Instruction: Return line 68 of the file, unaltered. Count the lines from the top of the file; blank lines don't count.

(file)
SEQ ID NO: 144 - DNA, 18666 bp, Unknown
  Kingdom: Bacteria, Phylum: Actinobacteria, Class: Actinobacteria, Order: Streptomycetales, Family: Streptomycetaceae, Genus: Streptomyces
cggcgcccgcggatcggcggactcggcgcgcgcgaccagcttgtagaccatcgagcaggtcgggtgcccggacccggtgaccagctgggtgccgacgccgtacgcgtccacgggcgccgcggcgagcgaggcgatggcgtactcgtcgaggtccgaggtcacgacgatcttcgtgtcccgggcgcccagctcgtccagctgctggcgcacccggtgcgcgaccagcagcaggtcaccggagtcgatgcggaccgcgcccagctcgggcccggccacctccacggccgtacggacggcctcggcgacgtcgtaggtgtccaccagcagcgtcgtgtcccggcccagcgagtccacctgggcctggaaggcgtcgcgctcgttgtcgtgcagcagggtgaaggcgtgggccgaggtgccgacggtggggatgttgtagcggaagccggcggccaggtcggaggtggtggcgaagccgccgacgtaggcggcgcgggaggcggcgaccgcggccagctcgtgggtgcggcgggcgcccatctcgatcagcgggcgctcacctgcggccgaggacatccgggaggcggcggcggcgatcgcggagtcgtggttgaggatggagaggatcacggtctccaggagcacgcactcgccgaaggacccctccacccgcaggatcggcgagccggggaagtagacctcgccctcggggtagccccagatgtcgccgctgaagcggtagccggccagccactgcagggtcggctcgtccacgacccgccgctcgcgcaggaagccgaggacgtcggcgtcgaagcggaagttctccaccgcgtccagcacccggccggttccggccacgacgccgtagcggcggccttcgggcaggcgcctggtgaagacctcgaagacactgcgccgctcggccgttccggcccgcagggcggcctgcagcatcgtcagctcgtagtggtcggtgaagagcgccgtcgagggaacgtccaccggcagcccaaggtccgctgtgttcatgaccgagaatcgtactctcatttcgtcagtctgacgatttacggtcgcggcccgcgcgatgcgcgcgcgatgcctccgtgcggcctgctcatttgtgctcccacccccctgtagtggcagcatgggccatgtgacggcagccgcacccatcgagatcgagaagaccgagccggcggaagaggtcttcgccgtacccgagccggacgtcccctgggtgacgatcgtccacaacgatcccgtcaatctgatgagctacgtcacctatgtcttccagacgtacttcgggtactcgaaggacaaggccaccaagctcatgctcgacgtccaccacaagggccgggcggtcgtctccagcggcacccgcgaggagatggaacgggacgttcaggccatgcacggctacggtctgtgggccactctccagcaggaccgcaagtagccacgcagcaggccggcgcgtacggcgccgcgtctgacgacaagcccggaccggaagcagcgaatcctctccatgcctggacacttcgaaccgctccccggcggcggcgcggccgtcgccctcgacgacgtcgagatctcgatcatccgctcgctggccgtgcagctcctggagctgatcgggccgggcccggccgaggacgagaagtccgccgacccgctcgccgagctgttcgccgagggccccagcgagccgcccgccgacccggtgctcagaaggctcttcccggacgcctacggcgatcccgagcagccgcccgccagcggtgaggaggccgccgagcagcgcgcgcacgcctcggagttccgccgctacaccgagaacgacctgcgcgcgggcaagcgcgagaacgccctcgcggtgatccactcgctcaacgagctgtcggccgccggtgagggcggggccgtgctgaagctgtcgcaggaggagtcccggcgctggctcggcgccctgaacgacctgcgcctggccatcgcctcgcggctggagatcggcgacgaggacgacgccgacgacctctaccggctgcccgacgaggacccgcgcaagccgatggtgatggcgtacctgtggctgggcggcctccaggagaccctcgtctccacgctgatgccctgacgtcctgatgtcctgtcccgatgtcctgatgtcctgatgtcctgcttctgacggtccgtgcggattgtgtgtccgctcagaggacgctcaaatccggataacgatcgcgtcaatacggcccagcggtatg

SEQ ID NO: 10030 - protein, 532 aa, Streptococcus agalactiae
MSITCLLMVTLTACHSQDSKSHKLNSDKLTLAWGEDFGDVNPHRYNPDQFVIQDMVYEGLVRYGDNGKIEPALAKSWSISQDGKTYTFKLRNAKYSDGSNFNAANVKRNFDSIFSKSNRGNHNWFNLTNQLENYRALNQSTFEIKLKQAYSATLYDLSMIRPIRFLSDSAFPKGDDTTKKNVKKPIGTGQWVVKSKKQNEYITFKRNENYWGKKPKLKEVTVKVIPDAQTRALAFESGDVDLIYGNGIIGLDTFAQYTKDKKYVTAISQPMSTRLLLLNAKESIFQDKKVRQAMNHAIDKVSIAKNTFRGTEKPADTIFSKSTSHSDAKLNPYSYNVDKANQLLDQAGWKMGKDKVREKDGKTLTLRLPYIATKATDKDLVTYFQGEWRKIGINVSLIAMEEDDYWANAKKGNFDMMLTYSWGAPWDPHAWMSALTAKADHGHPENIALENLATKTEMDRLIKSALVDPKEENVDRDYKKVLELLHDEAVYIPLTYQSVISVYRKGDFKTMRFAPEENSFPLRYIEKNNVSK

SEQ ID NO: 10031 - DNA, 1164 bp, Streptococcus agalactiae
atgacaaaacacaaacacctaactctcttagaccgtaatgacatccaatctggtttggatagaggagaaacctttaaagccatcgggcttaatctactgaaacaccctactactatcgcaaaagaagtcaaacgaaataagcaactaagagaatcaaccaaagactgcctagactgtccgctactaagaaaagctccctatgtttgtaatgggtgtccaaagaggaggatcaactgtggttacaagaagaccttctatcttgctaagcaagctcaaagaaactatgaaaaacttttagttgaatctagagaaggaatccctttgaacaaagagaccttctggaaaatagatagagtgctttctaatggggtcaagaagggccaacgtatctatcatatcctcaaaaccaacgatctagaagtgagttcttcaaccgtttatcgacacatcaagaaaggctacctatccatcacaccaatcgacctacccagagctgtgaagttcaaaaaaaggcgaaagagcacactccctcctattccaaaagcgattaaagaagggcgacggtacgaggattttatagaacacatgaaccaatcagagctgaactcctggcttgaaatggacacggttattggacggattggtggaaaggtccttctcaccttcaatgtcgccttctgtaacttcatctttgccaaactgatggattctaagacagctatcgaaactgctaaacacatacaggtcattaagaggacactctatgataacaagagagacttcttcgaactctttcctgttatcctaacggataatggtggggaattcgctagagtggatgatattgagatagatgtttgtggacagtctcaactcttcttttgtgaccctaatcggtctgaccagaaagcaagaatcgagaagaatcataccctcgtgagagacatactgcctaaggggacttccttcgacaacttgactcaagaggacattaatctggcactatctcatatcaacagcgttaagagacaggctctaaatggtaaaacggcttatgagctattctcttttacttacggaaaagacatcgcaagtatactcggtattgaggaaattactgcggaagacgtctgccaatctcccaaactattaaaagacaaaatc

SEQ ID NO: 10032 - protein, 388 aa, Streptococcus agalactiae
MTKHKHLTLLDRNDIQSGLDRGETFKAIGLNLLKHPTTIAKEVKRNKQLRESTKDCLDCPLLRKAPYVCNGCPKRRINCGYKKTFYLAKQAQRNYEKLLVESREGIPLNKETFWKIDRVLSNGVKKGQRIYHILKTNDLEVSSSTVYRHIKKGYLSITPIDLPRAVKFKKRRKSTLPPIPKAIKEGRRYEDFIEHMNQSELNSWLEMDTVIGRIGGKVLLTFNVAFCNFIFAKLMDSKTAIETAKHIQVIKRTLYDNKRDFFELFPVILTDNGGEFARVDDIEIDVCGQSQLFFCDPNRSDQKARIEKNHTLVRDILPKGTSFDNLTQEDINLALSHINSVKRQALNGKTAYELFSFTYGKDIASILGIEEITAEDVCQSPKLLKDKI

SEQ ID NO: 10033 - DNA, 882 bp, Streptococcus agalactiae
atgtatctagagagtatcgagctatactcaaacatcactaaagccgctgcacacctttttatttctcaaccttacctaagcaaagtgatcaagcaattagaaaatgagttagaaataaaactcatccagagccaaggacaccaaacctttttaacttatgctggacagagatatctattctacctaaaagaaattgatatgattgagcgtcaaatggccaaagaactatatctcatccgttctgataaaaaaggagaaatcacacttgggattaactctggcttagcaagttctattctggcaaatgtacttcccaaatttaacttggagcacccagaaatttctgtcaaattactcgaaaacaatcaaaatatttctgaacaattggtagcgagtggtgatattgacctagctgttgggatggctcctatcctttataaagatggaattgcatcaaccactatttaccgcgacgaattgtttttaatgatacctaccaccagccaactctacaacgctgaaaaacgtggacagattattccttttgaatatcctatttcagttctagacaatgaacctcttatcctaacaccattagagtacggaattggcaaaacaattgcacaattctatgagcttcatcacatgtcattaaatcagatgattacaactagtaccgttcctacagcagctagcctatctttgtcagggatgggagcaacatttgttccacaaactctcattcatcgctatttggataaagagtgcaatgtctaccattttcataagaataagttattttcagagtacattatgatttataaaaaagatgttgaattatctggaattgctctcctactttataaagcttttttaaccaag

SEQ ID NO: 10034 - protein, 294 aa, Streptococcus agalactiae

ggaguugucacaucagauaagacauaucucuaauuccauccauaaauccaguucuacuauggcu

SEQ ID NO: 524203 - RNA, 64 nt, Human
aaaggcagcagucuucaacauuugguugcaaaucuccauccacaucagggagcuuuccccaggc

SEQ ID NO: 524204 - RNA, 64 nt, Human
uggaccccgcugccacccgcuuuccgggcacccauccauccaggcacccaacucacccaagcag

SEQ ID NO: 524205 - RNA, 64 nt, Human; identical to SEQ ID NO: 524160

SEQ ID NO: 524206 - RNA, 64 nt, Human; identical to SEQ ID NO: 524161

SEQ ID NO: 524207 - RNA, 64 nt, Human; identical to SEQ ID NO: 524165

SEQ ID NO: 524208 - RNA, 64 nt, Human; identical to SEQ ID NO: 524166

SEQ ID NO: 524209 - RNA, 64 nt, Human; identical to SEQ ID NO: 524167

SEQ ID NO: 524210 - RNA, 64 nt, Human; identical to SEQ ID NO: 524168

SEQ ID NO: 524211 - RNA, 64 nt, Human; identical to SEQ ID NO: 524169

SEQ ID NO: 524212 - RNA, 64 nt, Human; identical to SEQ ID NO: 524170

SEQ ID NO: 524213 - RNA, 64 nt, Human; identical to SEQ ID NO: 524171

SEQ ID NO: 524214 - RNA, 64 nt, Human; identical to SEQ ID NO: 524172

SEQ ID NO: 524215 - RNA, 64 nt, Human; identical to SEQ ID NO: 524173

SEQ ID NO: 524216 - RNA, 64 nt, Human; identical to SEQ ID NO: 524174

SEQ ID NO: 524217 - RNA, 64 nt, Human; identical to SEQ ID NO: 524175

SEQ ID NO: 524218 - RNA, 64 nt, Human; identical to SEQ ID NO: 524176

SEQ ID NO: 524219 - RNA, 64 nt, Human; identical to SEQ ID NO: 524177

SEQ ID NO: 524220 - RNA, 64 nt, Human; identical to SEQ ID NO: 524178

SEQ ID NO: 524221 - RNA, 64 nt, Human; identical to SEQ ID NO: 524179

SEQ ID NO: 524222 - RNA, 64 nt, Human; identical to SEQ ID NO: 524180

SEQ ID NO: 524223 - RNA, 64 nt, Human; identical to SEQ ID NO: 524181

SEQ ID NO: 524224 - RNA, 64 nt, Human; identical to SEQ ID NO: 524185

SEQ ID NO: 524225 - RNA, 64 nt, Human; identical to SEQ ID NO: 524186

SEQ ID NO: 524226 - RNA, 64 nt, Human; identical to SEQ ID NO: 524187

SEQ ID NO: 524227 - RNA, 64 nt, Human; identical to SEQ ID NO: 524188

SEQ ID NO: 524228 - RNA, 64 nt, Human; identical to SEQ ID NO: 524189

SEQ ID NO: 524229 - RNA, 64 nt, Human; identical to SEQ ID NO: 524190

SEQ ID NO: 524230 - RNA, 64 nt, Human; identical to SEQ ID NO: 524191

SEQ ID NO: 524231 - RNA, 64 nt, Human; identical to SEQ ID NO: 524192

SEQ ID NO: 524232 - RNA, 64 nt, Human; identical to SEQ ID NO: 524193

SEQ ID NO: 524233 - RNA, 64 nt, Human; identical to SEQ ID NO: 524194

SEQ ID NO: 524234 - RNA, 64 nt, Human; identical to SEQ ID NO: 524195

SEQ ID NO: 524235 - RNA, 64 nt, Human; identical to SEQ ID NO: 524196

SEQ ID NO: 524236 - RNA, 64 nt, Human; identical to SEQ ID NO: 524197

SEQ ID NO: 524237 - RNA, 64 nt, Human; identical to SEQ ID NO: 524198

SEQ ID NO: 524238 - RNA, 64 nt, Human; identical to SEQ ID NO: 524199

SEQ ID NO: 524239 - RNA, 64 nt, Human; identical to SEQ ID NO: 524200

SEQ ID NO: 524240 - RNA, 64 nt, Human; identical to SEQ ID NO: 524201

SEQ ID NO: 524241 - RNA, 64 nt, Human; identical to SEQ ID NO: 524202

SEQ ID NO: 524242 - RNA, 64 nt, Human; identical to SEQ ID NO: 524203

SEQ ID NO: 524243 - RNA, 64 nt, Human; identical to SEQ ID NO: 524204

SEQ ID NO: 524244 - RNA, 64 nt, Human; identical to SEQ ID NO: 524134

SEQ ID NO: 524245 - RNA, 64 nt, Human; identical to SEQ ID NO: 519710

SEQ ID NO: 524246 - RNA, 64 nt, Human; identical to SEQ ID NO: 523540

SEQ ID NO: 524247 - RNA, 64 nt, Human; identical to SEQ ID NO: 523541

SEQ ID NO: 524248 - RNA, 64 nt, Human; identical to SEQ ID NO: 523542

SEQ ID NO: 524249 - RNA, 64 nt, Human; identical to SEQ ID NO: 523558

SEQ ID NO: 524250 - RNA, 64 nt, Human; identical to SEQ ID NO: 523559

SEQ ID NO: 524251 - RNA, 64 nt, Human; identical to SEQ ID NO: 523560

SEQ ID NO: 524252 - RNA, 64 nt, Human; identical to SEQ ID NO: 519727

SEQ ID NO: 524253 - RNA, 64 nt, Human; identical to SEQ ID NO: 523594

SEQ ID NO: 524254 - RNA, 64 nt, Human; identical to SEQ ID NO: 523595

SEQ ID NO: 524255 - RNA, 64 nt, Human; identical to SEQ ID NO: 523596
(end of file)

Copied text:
SEQ ID NO: 524255 - RNA, 64 nt, Human; identical to SEQ ID NO: 523596